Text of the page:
Angkor Wat is a temple complex in Cambodia and the largest religious monument in the world. It was originally constructed as a Hindu temple for the Khmer Empire, gradually transforming into a Buddhist temple toward the end of the 12th century. Angkor Wat is a miniature replica of the universe in stone and represents an earthly model of the cosmic world. The central tower rises from the center of the monument symbolizing the mythical mountain, Meru, situated at the center of the universe. Its five towers correspond to the peaks of Meru. The outer wall corresponds to the mountains at the edge of the world, and the surrounding moat the oceans beyond.
Ta Prohm is the undisputed capital of the kingdom of the Trees’. It has been left untouched by archaeologists except for the clearing of a path for visitors and structural strengthening to stave of further deterioration. A Sanskrit inscription on stone, still in place, give details of the temple. Ta Prohm 3,140 villages. It took 79,365 people to maintain the temple including 18 great priests, 2,740 officials, 2,202 assistants and 615 dancers. Among the property belonging to the temple was a set of golden dishes weighing more than 500 kilograms, 35 diamonds, 40,620 pearls, 4,540 precious stones, 876 veils from China, 512 silk beds and 523 parasols.
Banteay Srey is a 10th-century Cambodian temple dedicated to the Hindu god Shiva.It lies near the hill of Phnom Dei, 16 miles north-east of the main group of temples that once belonged to the medieval capitals of Yasodharapura and Angkor Thom.Banteay Srei is built largely of red sandstone, a medium that lends itself to the elaborate decorative wall carvings which are still observable today. The buildings themselves are miniature in scale, unusually so when measured by the standards of Angkorian construction. These factors have made the temple extremely popular with tourists, and have led to its being widely praised as a “precious gem”, or the “jewel of Khmer art.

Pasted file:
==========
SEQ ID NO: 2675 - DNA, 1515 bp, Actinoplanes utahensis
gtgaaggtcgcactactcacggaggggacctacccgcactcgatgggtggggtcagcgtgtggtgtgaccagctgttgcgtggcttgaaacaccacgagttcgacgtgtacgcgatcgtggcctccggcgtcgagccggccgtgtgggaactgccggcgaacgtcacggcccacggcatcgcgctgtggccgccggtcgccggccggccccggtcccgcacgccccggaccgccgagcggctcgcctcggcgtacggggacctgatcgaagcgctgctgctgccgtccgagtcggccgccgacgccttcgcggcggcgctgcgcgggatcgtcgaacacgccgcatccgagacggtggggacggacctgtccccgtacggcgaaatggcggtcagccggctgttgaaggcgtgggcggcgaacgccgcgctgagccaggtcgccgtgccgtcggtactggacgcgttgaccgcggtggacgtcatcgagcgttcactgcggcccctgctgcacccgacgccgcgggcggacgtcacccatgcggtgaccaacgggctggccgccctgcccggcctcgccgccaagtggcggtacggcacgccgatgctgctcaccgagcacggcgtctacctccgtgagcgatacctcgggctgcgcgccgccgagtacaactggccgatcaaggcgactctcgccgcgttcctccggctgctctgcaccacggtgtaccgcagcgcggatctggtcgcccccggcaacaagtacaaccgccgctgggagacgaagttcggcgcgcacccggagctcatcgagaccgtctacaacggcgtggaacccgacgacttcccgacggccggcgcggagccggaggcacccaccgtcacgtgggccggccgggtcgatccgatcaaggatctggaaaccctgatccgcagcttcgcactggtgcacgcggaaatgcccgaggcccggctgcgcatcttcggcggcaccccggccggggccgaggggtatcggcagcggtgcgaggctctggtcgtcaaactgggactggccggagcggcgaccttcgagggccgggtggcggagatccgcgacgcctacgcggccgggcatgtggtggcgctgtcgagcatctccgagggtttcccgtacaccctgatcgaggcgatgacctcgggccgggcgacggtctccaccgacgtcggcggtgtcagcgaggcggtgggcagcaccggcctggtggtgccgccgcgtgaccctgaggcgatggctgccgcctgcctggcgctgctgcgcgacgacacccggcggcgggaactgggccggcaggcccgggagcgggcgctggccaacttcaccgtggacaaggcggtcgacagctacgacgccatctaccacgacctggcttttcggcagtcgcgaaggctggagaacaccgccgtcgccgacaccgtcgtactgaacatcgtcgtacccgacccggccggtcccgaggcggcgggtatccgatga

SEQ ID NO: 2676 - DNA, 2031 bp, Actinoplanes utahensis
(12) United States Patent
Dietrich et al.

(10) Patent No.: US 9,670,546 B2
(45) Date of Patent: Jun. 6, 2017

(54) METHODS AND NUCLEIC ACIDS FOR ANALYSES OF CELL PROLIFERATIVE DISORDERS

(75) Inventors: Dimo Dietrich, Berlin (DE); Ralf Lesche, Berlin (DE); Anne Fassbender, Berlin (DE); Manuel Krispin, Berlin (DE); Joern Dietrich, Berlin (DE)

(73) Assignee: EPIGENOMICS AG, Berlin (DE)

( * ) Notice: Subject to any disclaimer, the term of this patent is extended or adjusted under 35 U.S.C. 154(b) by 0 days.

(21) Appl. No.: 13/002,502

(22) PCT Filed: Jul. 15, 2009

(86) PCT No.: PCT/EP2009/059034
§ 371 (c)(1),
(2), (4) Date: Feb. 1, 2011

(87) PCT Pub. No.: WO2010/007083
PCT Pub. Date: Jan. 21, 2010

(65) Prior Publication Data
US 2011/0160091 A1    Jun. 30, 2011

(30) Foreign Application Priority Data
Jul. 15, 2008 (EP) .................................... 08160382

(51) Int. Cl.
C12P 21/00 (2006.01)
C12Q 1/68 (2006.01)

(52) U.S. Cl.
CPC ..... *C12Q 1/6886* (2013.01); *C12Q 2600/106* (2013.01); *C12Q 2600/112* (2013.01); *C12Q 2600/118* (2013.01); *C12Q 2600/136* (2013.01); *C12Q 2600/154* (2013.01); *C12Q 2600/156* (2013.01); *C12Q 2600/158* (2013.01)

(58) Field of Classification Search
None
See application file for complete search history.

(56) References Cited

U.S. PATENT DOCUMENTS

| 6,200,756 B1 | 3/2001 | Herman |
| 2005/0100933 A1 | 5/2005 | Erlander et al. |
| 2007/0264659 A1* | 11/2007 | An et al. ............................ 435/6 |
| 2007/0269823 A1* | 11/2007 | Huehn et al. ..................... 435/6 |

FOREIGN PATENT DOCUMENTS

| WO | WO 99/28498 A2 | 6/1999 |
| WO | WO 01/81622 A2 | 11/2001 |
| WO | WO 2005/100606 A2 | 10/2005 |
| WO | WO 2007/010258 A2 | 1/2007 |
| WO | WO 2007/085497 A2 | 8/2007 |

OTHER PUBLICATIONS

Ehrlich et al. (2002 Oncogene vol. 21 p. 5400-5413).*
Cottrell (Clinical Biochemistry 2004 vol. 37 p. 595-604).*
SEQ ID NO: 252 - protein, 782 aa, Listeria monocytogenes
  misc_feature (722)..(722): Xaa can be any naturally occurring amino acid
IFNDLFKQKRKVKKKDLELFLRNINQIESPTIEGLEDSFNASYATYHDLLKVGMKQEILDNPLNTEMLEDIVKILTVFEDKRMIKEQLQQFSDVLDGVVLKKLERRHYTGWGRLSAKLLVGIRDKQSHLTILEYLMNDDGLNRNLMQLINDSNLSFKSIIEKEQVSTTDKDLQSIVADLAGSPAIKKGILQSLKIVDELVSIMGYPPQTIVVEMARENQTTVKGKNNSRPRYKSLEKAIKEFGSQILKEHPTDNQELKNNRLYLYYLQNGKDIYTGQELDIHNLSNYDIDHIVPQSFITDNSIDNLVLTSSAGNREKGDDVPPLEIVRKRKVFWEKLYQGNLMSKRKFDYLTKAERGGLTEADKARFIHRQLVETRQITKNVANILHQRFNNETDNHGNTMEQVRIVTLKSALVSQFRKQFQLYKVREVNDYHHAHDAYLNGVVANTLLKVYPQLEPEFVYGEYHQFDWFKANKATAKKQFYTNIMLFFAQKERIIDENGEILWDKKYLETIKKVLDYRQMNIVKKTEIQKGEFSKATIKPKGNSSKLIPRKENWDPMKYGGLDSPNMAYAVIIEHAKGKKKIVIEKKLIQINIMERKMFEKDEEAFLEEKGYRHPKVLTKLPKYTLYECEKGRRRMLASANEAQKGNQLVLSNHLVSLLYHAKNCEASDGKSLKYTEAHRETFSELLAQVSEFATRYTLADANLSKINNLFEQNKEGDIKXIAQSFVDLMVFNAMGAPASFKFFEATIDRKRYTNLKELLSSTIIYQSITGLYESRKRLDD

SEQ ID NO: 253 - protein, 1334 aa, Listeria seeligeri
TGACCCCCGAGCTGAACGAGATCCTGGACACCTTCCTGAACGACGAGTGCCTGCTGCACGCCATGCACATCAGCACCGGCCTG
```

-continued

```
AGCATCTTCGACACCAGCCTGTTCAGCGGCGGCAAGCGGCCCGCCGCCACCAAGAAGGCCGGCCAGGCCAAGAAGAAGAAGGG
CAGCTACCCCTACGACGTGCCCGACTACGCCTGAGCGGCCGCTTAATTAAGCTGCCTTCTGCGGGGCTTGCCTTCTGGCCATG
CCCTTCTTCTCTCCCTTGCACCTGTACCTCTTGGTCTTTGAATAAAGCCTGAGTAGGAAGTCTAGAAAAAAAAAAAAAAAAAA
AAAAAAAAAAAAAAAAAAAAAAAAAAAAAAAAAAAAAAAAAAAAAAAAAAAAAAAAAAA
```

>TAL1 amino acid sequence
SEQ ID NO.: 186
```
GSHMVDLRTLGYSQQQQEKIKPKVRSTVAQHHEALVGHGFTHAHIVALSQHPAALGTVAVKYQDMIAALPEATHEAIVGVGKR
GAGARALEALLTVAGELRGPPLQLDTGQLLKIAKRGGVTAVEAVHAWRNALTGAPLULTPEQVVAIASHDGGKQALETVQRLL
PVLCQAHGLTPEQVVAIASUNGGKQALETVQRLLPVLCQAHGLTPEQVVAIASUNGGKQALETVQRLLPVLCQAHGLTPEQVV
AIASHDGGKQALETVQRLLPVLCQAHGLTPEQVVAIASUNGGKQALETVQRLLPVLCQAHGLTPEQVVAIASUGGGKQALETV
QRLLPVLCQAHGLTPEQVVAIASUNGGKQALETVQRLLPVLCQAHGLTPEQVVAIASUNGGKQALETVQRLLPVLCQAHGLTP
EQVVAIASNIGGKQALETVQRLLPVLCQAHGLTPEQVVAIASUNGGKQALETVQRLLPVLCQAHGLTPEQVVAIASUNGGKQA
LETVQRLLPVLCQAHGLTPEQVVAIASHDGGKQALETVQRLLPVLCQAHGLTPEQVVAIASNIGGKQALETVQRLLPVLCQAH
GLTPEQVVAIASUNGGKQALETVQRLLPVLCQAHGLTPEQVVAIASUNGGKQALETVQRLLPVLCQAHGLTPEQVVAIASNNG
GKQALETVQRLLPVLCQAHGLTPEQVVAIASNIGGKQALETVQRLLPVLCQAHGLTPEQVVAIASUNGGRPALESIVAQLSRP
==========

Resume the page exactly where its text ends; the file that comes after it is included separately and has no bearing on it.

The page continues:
Ta Somis a small temple built at the end of the 12th century for King Jayavarman VII.The King dedicated the temple to his father Dharanindravarman II (Paramanishkalapada) who was King of the Khmer Empire from 1150 to 1160. The temple consists of a single shrine located on one level and surrounded by enclosure laterite walls. The eastern outer gopura has been overgrown by a sacred fig which has grown down through the blocks that make up the gopura and into the ground.The inner section of the temple consists of a central cruciform sanctuary with porches at each arm surrounded by four corner pavilions. Two small libraries sit on either side of the eastern entrance path.
Bayon Temple Built in the late 12th or early 13th century as the official state temple of the Mahayana Buddhist King Jayavarman VII. The Bayon’s most distinctive feature is the multitude of serene and massive stone faces on the many towers which jut out from the upper terrace and cluster around its central peak.The temple is known also for two impressive sets of bas-reliefs, which present an unusual combination of mythological, historical, and mundane scenes.
Preah Khan built in the 12th century for King Jayavarman VII to honor his father. It was the centre of a substantial organisation, with almost 100,000 officials and servants. Preah Khan has been left largely unrestored, with numerous trees and other vegetation growing among the ruins.